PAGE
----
You may ask where the difference lies among the many, many Chinese restaurants in the city and The Hong Kong Club. Well, for starters, the focus is on the Guanzhou region’s food; second, an extremely modern take on traditional Cantonese; and, the introduction of local produce in creating something sublime. The ambience is contemporary while the cocktails intriguing, Andaz Delhi’s The Hong Kong Club’s late-night timings have added to the allure.
UNIQUENESS: The space! Spread across two floors (over 290 covers) with private dining rooms, an island bar and open kitchens inside a glass structure in the middle of Andaz, it gives diners a wow factor.
Toast & Tonic, Bengaluru
CUISINE: MODERN EXPERIENTIAL
If there is one brand that defined ‘East Village-style’ for a plethora of diners, it is Toast & Tonic, famously abbreviated to T&T. Or as Chefpreneur Manu Chandra will put it, “a sum total of my journey as a chef”. The exclusivity of this place is in its unexpectedness—food mostly consists of Indian ingredients getting a global gear-up. Like the Southern American poke has crisp okra, buttery jimikand, sour cream, homemade sausage and shrimps. Not the one to compromise and unapologetic about its food, T&T makes its own sausages.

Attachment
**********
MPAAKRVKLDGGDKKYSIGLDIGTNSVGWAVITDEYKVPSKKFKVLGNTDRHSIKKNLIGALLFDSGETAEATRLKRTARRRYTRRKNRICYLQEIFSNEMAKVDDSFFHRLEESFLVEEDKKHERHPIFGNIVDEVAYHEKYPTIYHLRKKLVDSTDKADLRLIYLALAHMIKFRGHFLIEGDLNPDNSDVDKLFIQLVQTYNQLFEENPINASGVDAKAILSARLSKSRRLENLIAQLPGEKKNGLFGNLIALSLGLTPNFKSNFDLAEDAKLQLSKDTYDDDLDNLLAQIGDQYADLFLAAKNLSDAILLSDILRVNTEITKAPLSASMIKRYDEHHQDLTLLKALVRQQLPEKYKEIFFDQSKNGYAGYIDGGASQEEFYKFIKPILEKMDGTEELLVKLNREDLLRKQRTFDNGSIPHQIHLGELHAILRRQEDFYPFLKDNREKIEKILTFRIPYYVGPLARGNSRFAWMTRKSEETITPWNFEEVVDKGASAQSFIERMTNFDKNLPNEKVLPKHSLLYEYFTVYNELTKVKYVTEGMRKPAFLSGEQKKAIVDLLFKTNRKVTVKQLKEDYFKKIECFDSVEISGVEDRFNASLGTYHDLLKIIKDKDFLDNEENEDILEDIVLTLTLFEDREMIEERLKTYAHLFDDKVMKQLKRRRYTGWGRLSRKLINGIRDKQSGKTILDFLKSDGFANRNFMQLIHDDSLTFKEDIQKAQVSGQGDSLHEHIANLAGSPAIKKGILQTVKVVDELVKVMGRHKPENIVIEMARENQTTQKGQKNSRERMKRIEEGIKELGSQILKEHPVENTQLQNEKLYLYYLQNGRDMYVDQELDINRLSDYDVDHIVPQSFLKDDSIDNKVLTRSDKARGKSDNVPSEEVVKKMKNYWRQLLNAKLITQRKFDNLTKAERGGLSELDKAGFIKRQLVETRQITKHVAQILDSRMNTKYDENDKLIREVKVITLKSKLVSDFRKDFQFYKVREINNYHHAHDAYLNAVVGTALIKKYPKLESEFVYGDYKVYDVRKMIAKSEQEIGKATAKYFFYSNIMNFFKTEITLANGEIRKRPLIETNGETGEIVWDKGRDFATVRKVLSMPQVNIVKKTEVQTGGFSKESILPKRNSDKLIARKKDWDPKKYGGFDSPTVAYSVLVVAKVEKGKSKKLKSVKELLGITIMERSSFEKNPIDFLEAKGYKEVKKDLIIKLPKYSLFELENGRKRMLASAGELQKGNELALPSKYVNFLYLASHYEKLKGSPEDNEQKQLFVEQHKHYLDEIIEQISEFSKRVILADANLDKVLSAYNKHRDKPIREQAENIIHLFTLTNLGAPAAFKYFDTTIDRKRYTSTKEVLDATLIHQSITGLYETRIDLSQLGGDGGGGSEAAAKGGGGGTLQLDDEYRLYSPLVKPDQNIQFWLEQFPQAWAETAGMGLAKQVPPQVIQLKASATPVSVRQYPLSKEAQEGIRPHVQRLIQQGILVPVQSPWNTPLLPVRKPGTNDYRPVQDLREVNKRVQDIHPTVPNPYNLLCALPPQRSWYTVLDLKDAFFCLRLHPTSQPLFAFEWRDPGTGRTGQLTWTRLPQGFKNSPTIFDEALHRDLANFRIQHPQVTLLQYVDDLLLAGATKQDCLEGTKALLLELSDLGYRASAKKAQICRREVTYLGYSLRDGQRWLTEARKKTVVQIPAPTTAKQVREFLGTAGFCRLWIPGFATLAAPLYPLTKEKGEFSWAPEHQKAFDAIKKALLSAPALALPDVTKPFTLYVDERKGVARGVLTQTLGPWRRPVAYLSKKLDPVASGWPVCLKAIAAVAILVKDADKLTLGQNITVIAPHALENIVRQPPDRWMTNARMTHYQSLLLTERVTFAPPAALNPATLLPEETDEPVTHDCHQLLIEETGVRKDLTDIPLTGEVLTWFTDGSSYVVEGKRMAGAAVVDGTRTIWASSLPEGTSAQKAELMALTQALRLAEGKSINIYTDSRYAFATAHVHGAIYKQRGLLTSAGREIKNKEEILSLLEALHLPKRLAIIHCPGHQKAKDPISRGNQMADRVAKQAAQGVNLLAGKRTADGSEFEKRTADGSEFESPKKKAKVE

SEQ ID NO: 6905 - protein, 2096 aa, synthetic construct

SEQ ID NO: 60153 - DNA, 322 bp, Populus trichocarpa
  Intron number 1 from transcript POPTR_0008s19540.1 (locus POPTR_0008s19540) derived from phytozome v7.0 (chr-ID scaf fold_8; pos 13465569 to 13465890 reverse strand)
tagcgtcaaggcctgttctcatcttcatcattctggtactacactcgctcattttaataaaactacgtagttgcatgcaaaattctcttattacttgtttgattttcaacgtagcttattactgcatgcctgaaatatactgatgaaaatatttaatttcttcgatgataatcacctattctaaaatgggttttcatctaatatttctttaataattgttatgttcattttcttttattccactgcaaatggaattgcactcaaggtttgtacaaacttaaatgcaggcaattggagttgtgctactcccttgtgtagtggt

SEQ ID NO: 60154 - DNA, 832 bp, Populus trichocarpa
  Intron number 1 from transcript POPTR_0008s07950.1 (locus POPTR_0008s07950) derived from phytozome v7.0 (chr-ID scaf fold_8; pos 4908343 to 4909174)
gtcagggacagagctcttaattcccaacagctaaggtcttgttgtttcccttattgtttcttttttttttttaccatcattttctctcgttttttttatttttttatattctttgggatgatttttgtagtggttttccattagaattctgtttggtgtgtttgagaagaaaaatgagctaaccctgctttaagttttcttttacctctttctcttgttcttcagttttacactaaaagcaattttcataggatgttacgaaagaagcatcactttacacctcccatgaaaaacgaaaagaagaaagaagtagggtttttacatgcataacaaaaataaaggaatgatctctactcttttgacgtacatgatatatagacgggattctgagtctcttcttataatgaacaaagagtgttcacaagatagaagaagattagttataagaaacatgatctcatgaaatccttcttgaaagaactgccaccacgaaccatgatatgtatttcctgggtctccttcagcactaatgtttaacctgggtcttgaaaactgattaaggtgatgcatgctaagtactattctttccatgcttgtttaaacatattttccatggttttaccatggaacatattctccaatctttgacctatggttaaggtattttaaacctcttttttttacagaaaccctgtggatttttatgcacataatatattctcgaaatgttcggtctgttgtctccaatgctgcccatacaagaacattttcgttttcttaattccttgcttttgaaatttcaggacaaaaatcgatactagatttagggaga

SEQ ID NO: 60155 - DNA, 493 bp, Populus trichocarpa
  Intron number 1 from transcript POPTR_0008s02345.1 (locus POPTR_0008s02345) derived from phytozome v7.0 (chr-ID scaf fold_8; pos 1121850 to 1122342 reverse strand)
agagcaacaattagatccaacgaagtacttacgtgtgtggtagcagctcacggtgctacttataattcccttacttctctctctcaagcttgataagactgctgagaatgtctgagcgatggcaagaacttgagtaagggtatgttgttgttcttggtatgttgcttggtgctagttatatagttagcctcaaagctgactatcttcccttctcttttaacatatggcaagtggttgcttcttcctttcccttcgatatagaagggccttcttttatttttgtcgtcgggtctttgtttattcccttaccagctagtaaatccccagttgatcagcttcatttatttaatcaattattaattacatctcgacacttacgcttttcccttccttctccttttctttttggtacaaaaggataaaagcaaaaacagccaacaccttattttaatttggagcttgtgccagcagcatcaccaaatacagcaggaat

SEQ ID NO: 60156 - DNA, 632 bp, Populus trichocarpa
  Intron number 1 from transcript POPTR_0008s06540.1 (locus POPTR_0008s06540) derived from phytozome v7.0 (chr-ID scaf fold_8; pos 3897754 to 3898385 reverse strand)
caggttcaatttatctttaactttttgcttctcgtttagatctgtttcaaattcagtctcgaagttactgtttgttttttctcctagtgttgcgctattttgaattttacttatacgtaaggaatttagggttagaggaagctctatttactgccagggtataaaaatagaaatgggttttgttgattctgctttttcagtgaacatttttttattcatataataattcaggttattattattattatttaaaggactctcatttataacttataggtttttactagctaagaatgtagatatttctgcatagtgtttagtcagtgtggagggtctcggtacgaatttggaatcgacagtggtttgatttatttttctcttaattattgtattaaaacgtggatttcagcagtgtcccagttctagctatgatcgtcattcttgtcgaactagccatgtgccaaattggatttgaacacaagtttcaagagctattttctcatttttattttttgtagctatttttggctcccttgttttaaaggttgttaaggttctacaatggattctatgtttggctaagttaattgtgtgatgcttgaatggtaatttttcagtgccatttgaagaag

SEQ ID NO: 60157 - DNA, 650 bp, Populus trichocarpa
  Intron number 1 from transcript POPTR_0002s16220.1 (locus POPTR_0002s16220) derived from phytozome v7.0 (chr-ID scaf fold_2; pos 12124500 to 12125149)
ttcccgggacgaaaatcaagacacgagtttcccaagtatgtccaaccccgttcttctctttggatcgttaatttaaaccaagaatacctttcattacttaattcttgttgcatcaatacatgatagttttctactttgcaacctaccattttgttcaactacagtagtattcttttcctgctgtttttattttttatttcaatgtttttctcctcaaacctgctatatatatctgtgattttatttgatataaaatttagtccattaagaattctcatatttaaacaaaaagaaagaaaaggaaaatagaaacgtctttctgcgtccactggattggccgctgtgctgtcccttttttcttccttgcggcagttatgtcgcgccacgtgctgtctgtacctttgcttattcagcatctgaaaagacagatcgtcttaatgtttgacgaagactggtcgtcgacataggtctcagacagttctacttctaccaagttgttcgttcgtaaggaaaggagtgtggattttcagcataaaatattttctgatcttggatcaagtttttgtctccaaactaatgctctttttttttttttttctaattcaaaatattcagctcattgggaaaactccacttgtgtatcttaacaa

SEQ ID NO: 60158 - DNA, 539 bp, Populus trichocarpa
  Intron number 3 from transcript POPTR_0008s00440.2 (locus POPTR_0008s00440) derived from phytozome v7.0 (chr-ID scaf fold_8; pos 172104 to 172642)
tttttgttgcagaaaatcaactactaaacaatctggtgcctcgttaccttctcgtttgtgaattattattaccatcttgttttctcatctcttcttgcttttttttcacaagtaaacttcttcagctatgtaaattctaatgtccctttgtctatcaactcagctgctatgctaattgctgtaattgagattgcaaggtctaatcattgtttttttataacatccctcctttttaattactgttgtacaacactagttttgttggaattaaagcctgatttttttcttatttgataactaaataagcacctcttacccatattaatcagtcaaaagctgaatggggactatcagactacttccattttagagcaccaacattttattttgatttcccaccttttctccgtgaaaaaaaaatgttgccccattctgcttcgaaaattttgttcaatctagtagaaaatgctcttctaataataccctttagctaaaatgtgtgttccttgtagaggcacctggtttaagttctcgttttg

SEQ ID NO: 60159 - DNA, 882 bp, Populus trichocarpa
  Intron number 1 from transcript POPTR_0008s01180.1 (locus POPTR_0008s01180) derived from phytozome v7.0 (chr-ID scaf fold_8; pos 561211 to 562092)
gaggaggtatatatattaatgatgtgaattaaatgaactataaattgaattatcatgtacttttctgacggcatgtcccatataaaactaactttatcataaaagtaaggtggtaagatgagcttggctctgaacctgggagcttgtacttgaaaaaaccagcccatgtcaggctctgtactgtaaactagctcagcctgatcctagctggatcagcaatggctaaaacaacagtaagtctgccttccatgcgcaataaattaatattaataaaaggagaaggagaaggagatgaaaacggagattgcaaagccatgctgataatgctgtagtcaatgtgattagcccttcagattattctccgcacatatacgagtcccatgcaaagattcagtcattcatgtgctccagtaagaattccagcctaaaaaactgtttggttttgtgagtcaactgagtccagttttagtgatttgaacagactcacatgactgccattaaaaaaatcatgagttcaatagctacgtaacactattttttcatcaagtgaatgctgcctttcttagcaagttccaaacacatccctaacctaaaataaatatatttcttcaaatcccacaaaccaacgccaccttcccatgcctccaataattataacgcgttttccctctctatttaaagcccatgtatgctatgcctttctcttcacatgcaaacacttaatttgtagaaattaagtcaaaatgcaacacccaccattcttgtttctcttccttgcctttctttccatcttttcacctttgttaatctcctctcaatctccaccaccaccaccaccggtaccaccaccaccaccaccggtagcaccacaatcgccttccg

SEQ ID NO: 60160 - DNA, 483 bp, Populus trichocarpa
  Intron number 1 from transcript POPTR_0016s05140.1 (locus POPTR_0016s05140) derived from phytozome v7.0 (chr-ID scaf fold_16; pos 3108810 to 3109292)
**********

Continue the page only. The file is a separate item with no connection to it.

UNIQUENESS: The cheese platter that has specially crafted cheese from Chef Chandra’s company, Begum Victoria.
Spicy Duck, Delhi
CUISINE: CHINESE (CANTON AND SICHUAN REGIONS)
The duck is a symbol of happiness and freedom in Chinese culture. Taj Palace New Delhi’s Chinese restaurant tries to showcase the balance between traditional cooking and modern interpretations with much ease and elegance and, of course, the duck as the centrepiece. Opened in 2016, Spicy Duck also has plenty of other offerings (their dim sums are to die for and the sliced pork with chilli bean paste simply outstanding) but if you’re in the mood for duck, you know where to go.
UNIQUENESS: The Peking duck which is made fresh with much fanfare. The superior sauce, used with many proteins on the menu, is made in-house and is delicious.